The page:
The Vision

Making the Vision Happen


It is a very rare association or non-profit who has not developed and written a Strategic Plan. If they have not, they should. It is also not unusual that, after a relatively short period of time, the work put into creating that plan is forgotten and results expected are not achieved. At the core of the Strategic Plan is the Vision for the organization. Let’s consider ways to move the organization towards that Vision and overcome some of the obstacles along the way.

First, let us recognize that there are three phases in the planning process; development, execution, and adjustment. The development is usually the most fun. The board and staff may come together for a meeting or retreat. There are a lot of great ideas exchanged and an opportunity to socialize. Some word crafting goes on and everyone is pleased with the final written document. Execution, the next step, often fails to materialize. In fact, this is where the plan becomes reality and the pressures of daily operations often push this into the background. If the execution stage seems to be going well, then the adjustment stage becomes another hurdle to overcome. Then the plan meets the reality of the execution, some of the assumption upon which the plan was built may prove faulty. Adjustments may be needed. Let’s examine the roles played by each of the constituents.

The Board of Directors

The role of the board is to develop the Strategic Plan and oversee its execution. Development or the writing of the plan is their primary responsibility, but it is strongly recommended that they involve staff in the process. It may be advisable to use an outsider with experience to facilitate the development process.. That person will provide objective guidance and not bring any prejudice to the conversation.

Charles Kettering is quoted as saying, “We should be concerned about the future of our business because we are going to spend the rest of our lives there.” Hence the need for a great Vision Statement. It defines our relations and how we wish to be perceived by our stakeholders including our clients, our employees and our community. The staff needs to embrace the statement and its core values as their motivational force. Don’t just settle for a mundane statement. Develop one which is powerful and motivating.

Once the written plan is completed, the board then moves into the role of overseer. It should require the staff reports on a regular basis on their action plans and status. Without this follow-up, progress will be slow and possibly stalled. The board should embrace this as a prime responsibility.

The Executive Director and Staff

Execution of the plan is the next critical step. This might be carried out by either the staff or selective board members. This depends on the size of the staff. Larger staffs may execute the entire plan. Organizations with smaller staffs may heavily rely on board members. Organizations with no staff may rely on volunteers. Regardless, the executive director needs to be responsible for directing and coordinating the execution. Action plans with completion dates and responsibilities need to be developed and progress monitored.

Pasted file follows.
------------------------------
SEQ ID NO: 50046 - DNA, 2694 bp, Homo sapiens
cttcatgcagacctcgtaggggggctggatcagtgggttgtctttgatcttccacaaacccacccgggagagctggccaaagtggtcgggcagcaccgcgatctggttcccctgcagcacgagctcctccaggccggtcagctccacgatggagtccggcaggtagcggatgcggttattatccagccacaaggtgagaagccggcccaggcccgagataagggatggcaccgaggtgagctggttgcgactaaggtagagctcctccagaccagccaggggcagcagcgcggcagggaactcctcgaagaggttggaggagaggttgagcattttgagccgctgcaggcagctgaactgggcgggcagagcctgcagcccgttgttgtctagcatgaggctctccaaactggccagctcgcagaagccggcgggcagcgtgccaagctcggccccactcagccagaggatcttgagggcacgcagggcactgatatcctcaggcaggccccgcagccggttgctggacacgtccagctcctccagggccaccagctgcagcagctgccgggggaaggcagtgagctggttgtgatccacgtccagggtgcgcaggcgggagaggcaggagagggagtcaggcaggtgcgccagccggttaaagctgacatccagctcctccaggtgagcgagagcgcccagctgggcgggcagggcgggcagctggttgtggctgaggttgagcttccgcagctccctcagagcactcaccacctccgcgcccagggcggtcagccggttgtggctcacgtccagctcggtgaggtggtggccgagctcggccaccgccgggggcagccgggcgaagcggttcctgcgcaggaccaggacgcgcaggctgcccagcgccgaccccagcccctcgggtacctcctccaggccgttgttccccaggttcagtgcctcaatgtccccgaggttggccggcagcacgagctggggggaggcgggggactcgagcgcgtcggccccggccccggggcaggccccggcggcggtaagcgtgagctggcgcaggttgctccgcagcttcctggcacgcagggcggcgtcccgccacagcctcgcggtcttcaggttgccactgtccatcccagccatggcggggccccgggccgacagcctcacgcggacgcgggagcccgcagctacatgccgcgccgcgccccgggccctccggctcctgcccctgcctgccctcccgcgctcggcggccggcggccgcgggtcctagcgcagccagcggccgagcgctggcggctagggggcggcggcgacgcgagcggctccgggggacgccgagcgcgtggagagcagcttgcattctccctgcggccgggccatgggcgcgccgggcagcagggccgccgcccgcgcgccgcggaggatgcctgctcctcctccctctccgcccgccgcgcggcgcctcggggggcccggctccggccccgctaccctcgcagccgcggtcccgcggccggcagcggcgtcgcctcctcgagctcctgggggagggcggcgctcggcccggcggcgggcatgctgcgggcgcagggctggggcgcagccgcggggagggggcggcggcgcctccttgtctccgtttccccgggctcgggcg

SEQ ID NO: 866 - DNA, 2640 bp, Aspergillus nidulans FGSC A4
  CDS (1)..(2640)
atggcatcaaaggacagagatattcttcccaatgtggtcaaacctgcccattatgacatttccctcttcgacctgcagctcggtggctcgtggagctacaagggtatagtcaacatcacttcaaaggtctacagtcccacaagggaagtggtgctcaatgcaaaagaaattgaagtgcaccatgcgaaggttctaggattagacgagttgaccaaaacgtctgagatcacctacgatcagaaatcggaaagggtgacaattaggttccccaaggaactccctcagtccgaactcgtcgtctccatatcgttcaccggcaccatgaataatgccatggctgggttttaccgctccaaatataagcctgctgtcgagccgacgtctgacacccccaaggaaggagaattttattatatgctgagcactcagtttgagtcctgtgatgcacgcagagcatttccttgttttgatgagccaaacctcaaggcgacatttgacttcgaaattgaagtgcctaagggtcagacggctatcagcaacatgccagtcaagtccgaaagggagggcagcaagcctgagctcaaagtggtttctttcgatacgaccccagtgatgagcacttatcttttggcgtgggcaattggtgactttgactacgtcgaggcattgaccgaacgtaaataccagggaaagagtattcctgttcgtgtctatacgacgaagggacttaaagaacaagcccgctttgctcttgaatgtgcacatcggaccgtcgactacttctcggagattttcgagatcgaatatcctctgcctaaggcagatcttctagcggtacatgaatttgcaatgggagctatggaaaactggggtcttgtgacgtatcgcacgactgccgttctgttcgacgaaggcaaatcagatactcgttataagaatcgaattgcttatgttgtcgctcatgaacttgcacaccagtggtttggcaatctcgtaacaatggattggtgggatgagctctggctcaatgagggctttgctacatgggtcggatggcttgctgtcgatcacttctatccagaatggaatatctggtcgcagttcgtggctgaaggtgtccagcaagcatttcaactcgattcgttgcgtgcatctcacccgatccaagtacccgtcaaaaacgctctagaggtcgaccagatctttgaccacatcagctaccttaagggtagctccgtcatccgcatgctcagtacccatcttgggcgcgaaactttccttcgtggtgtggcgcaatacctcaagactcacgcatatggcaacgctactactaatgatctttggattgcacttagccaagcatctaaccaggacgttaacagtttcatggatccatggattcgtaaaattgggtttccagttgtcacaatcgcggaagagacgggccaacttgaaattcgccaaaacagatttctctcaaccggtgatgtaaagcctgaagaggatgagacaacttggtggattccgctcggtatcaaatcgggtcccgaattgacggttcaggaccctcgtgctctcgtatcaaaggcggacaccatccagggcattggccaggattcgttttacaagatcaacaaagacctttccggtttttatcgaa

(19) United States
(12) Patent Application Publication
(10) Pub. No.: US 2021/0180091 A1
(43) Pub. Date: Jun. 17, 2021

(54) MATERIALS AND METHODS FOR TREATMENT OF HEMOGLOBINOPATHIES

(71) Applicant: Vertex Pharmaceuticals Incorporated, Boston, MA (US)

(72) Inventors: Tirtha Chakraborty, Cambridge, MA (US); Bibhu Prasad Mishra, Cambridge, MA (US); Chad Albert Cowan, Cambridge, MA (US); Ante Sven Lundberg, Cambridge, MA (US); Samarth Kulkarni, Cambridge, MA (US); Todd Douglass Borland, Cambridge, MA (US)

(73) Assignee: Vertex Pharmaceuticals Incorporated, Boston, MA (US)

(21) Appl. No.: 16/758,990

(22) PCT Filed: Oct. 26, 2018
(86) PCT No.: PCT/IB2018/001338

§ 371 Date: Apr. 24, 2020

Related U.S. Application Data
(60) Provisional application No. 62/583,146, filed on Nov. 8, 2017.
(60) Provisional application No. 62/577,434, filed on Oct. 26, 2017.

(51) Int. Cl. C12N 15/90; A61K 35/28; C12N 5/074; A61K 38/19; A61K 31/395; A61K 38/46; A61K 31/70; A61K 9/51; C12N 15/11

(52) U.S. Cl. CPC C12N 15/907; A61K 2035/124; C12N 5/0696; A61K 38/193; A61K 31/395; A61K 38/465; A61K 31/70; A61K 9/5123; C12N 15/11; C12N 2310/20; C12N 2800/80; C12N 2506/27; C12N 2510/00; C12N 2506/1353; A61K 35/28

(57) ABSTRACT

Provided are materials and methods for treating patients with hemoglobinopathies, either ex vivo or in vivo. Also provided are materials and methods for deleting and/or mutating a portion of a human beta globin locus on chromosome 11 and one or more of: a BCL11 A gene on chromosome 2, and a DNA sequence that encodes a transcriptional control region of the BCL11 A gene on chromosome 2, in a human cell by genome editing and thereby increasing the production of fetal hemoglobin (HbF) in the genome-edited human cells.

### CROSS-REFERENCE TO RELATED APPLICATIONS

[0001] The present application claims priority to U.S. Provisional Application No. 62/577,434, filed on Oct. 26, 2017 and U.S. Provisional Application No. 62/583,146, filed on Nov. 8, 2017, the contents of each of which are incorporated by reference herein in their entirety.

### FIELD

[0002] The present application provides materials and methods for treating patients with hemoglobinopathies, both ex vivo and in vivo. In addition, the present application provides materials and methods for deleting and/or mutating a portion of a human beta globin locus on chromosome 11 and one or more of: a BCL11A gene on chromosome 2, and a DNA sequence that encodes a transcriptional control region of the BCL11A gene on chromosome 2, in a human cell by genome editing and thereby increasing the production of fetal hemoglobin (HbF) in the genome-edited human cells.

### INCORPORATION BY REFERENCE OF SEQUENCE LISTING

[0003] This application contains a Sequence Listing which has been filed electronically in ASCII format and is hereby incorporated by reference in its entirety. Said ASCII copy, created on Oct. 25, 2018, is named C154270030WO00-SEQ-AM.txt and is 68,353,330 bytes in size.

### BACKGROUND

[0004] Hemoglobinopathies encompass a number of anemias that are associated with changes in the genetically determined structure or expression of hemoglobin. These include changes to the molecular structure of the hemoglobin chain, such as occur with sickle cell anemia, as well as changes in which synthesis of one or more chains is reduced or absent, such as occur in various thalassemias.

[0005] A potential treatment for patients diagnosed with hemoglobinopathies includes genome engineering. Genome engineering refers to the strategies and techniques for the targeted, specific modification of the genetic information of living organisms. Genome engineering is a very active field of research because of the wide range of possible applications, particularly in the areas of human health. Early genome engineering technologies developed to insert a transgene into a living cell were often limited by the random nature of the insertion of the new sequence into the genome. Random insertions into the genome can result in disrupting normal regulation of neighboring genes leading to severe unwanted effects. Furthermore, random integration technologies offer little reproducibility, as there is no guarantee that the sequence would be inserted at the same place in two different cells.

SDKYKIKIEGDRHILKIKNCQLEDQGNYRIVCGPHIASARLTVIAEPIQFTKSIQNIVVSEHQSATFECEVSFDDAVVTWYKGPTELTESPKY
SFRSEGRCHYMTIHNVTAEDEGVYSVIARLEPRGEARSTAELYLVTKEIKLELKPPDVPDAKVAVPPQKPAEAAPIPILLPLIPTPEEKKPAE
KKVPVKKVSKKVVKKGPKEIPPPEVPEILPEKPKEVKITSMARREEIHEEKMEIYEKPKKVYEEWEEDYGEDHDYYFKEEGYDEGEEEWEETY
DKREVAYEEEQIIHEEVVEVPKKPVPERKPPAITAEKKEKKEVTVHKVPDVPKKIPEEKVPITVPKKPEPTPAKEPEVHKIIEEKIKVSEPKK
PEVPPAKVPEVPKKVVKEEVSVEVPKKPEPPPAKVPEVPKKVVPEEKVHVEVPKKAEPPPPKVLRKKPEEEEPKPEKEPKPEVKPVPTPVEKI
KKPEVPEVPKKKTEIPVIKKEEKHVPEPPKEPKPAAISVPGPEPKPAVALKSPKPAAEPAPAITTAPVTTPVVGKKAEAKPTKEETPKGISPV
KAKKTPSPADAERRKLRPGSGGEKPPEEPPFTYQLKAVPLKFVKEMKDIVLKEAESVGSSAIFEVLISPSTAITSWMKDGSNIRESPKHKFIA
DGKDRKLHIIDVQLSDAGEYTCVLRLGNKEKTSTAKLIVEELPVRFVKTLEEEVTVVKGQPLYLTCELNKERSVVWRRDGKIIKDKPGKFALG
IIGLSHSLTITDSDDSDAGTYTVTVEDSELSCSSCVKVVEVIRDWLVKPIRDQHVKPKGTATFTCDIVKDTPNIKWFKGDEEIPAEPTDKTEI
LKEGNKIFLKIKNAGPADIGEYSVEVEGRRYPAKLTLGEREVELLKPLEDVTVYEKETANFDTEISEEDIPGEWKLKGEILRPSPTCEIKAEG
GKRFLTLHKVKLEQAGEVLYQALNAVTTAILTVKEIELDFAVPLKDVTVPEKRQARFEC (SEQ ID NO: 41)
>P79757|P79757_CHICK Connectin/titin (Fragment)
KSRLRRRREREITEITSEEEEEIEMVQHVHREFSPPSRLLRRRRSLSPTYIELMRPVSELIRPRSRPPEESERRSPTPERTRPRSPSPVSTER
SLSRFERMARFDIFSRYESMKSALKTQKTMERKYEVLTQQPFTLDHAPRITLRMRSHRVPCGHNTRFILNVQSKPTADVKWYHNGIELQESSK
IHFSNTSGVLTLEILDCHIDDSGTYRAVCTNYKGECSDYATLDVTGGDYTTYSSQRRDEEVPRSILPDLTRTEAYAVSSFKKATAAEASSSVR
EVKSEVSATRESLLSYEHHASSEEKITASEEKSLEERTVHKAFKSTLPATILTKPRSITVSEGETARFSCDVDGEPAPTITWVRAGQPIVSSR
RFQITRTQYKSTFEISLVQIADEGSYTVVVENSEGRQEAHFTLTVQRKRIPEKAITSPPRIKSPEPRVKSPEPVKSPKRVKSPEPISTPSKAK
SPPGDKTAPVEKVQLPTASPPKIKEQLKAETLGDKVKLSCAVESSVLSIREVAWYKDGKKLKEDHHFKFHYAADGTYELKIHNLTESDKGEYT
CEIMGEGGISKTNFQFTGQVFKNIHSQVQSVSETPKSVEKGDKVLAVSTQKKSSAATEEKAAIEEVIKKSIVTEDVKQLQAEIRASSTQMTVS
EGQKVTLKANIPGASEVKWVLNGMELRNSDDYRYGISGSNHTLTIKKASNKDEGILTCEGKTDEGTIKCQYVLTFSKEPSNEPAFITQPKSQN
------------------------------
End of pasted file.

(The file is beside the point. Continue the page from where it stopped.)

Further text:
So often this critical step is neglected. Upon the completion of the plan, the tendency is to return to old routines and priorities. It is unrealistic to think that the new plan will completely change daily activity, but some portion of the day or week needs to be allocated in executing the plan. Both the staff and the executive director need to be measured on their performance in moving the plan forward.

Flexibility in the Strategic Plan

As the organization moves forward, it will face obstacles in executing the plan. These may occurboard of directors as a result of invalid assumptions during the development process, or an unanticipated change in the environment. Assumptions are made based on the best available information at the time. That information may prove to be faulty and require modification of goals or plans. For example, a key member of the team may no longer be available because of illness or their decision to leave the organization.  There also might be a change in the environment. Funding sources may decrease or government regulations may change.

As obstacles are encountered, one possible reaction is to give up on the plan or even give up on the process of planning itself. That becomes the easy way out. “Let’s just go back to what we were doing. Maybe if we work harder everything will work out”. This is a very tempting urge, but one that must be resisted.

One must understand that a strategic plan is a living document. It is not chiseled in granite. It can be modified to adapt to new knowledge or circumstances. As these situations occur, it is recommended that:

  • Revisit the specific Goal that is in question.
  • Revise or modify it as required.
  • Seek board approval of the reconstructed Goal. Since the board was part of the development of the plan, they need to be part of approving the modification
  • Develop a new and revised action plan.

Strategic Planning is the basis for the leadership of any association or non-profit organization. Too often consultants help with the development of the plan and leave the organization to do the execution. Our experience tells us that our continued involvement makes a decisive difference. To that end, we include follow-up sessions with either the board or executive director for one year after the finalization of the plan.

If you are considering development or rewriting your strategic plan, we suggests, using our Complementary Advisory Service or emailing